P55-M SEA Games cauldron cheaper than Singapore's, Cayetano counters

Rosette Adel - Philstar.com
P55-M SEA Games cauldron cheaper than Singapore's, Cayetano counters
This image shows the 2019 SEA Games cauldron that would be used during the torch lighting ceremony.
BCDA / Released

'Most classrooms now cost P2.5 million,' Rep. Salceda adds

MANILA, Philippines— House Speaker Alan Peter Cayetano (Taguig), also the chair of the Philippine Southeast Asia Games Organizing Committee, on Tuesday defended the price of the controversial SEA Games cauldron.

According to Cayetano, the country’s SEA Games cauldron which is pegged at P55 million is cheaper than the one used when when Singapore hosted the games. That cauldron cost around P63 million, he said.

Singapore's Gross Domestic Product in 2018 was $491.2 billion, up from $467.3 in 2017, the Singapore Department of Statistics reports. Its Gross National Income per person was $81,222 in 2018 from $77,474 the previous year.

According to the Asian Development Bank, the Philippines' GDP was at P9,206.9 billion in 2018 from P15,806.4 billion in 2017. Per capita Gross National Income was P196,155 in 2018 against P181,152 in 2017.

'Cauldron worth it'

Cayetano said that the cauldron is priceless, citing that it was designed by late Francis “Bobby” Mañosa, a national artist for architecture.

"It's a requirement in all the games because it symbolizes the games, the competition, the spirit ‘no? So, ‘pag tinanggal mo ‘to, (if we remove this), what price tag can you put on that?," Cayetano said.

"Is it expensive, yes. But is it worth it? It’s priceless, it’s a work of art," he added.

During the Senate plenary deliberations on the proposed budget for the Bases Conversion and Development Authority on Monday, Senate Minority Leader Franklin Drilon questioned the construction of the giant cauldron.

He was also questioning why the cauldron was built at the cost of 50 classrooms.

READ: Drilon questions P50-M SEA Games cauldron: We could've built 50 classrooms

Sen. Sonny Angara, for his part, also defended the construction of the cauldron and said that the government “was really envisioning was to do a really impressive hosting of the games and showcase Philippine ingenuity by using Philippine creative designers and performers.”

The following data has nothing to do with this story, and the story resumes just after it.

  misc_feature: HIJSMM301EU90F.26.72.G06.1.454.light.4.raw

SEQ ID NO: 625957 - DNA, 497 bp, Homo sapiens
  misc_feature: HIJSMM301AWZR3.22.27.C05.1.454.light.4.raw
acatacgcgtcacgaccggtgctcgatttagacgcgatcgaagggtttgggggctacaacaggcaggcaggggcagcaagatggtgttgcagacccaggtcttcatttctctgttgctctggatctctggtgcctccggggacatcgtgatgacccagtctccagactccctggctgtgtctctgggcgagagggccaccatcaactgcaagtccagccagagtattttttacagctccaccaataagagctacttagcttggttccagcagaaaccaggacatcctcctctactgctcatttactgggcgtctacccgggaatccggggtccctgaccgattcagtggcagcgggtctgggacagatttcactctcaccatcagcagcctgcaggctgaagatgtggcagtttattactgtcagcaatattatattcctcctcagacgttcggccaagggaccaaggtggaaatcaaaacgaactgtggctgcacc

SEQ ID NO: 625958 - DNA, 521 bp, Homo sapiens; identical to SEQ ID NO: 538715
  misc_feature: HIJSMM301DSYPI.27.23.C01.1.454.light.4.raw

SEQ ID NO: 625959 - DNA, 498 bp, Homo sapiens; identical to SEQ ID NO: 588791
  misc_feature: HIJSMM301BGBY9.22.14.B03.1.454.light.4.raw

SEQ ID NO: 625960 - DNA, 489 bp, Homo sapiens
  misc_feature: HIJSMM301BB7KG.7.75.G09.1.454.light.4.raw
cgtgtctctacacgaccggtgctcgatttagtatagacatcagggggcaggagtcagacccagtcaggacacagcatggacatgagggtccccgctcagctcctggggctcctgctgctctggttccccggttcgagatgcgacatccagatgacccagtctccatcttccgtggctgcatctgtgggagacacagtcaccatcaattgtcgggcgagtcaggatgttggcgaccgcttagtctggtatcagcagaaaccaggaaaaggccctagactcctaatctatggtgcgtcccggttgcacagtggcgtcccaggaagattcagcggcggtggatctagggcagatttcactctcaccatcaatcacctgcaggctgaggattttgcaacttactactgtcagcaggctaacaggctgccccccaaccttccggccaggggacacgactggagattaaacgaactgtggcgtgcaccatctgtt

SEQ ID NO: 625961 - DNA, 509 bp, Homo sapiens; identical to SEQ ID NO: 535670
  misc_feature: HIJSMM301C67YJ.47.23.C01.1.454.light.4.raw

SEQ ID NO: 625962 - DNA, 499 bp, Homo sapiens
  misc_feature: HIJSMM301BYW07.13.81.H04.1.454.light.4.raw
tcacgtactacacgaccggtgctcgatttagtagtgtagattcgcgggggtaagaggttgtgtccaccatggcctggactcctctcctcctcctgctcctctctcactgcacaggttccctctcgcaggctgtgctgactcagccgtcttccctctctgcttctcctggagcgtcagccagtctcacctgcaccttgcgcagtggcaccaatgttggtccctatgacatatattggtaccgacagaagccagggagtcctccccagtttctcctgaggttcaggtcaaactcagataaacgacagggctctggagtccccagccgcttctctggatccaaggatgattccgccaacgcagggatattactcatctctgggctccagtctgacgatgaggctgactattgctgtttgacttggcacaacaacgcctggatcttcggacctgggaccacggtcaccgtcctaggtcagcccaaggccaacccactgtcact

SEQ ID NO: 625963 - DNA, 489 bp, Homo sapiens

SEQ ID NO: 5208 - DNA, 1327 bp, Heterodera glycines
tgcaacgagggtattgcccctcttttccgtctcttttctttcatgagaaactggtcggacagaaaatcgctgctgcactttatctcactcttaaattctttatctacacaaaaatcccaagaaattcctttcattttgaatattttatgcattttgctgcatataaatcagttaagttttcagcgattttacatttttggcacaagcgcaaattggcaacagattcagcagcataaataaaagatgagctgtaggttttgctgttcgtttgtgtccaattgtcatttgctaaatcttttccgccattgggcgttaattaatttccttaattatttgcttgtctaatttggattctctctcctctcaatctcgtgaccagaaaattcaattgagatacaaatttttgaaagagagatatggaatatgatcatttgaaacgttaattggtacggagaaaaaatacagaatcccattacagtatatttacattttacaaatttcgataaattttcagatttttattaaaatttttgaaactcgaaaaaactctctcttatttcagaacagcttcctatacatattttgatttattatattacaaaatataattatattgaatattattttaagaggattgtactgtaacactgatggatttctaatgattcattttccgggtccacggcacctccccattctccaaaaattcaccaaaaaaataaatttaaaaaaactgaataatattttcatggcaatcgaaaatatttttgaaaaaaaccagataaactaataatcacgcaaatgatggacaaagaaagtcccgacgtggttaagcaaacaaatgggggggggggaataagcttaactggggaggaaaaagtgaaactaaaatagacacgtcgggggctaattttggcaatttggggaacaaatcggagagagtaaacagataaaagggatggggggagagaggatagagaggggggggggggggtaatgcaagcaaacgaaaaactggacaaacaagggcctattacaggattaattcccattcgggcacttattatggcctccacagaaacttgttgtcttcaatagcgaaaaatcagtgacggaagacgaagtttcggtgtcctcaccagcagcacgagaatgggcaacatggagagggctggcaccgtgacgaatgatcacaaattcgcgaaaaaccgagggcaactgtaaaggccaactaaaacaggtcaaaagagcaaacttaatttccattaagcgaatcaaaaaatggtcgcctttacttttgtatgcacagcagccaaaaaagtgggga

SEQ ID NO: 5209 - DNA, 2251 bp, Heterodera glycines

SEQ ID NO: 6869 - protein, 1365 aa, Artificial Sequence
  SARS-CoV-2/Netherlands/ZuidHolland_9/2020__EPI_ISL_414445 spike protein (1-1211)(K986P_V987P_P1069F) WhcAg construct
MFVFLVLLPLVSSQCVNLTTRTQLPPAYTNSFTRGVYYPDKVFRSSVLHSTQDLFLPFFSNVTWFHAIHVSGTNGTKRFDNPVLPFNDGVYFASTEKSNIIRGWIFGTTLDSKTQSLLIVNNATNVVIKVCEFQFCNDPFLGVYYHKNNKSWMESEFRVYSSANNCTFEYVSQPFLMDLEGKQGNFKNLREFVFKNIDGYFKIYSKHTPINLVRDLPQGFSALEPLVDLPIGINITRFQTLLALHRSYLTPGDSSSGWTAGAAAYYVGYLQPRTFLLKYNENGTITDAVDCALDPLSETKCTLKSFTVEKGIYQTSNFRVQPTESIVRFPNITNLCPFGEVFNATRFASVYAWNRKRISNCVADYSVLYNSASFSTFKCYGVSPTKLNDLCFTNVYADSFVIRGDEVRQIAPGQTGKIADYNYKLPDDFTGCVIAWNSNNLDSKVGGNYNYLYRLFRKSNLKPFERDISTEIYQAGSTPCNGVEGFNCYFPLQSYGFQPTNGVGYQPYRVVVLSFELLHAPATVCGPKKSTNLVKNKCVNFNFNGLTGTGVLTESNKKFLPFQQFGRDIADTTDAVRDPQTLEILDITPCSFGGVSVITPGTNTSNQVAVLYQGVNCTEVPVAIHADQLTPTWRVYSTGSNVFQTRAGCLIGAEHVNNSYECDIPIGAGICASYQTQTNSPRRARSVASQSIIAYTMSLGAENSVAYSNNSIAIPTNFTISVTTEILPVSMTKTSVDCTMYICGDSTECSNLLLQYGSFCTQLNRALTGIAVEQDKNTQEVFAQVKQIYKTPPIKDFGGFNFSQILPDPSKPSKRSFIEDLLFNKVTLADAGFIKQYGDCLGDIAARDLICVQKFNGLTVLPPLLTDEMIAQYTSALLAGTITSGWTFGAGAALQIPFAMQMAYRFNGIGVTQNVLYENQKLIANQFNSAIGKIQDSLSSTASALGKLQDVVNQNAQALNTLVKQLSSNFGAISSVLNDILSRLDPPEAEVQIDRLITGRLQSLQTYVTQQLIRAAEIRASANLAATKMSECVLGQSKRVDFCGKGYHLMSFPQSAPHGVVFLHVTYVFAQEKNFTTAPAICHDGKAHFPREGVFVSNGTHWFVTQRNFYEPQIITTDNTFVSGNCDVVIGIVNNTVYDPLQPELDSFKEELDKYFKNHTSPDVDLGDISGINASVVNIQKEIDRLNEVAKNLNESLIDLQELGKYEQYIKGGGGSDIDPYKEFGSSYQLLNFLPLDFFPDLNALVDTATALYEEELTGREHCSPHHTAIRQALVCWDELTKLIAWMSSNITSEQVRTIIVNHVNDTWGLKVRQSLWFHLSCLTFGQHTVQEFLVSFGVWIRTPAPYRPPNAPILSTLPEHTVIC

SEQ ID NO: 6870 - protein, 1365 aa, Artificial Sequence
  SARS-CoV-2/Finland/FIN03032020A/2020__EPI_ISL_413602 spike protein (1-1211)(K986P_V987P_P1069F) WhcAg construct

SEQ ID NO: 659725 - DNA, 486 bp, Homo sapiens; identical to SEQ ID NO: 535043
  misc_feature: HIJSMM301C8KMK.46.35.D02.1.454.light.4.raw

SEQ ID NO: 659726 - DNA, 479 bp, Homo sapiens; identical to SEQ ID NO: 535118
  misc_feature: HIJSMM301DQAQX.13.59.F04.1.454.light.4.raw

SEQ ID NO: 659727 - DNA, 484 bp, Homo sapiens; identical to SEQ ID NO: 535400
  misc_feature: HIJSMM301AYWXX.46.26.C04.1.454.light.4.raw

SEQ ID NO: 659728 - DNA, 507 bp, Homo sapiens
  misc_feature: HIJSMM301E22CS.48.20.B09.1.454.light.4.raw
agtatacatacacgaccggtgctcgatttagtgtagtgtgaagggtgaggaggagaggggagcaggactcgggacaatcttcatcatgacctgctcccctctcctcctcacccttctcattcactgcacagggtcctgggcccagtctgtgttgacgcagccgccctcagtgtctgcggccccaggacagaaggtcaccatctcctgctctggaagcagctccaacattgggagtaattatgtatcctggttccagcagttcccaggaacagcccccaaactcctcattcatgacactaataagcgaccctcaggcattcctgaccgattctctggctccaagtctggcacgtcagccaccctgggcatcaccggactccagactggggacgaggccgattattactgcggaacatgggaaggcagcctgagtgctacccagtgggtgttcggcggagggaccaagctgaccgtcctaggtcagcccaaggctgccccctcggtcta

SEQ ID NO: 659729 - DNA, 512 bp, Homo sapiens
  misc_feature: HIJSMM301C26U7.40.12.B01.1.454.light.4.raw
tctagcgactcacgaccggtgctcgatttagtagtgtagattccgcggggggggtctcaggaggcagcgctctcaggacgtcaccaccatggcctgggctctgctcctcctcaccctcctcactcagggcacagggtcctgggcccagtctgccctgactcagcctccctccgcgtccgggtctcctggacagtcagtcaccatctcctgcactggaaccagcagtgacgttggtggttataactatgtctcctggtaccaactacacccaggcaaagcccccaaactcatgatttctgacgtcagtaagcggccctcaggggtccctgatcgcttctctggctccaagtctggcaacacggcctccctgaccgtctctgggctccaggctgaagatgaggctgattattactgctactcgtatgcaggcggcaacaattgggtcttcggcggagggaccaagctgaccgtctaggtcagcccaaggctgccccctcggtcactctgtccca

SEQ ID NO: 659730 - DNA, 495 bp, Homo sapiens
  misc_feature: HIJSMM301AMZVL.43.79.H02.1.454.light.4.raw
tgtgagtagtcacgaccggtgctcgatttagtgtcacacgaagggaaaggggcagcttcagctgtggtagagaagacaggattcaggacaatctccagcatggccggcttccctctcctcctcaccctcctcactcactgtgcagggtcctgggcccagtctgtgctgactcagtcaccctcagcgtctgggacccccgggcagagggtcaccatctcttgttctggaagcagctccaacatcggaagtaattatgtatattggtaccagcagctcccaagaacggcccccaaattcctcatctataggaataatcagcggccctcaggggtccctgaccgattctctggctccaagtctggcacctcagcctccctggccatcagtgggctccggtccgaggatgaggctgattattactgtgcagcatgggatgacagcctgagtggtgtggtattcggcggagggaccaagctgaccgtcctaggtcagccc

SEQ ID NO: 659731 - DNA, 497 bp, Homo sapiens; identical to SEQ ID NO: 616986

The country is hosting the biennial sports event for the fourth time. The 30th edition would be held from November 30 to December 11.

Angara also earlier said that it was the 18th Congress that approved the budget for the SEA Games hosting.

In a separate interview, Rep. Joey Salceda (Albay, 2nd District) said the P55 million was part of the P6-billion lumpsum allotted for the staging of the SEA Games.

He said that they can review the breakdown of the hosting but it was only indicated under SEA Games facilities.

'Cauldron's price is reasonable but Imeldific'

The lawmaker also said he found both the P6-billion budget for the SEA Games hosting and the P55-million budget for cauldron reasonable for a huge sports event.

Salceda disagree with Drilon’s comparison of the P55-million budget to the amount allotted for building of classrooms.

“Karamihan ng classroom P2.5 million na ngayon e,” he added, which would mean the money paid for the giant cauldron would only be enough to build 22 classrooms, not 50.

(Most classrroms are now worth P2.5 million)

The solon said that while he found it reasonable, he described the cauldron as “Imeldific”—a reference to ostentation and excess associated with former First Lady Imelda Marcos—which he said is understandable under a “benevolent” and “authoritative” government and leader.

‘Yung P55 million mukhang reasonable naman kaso !meldific ‘yung dating, may grandiosity. Authoritarian regimes are always you know… You need to symbolize,” he said.

(The P55 million looks reasonable but Imeldific in a way, there’s grandiosity. Authoritarian regimes are always you know… You need to symbolize)

Asked if he considers the Duterte regime authoritarian, Salceda backpedaled and said that authoritative is the right term.

He added that the Philippines has a strong president and that the nation is coming of age. —With reports from The STAR/Paolo Romero







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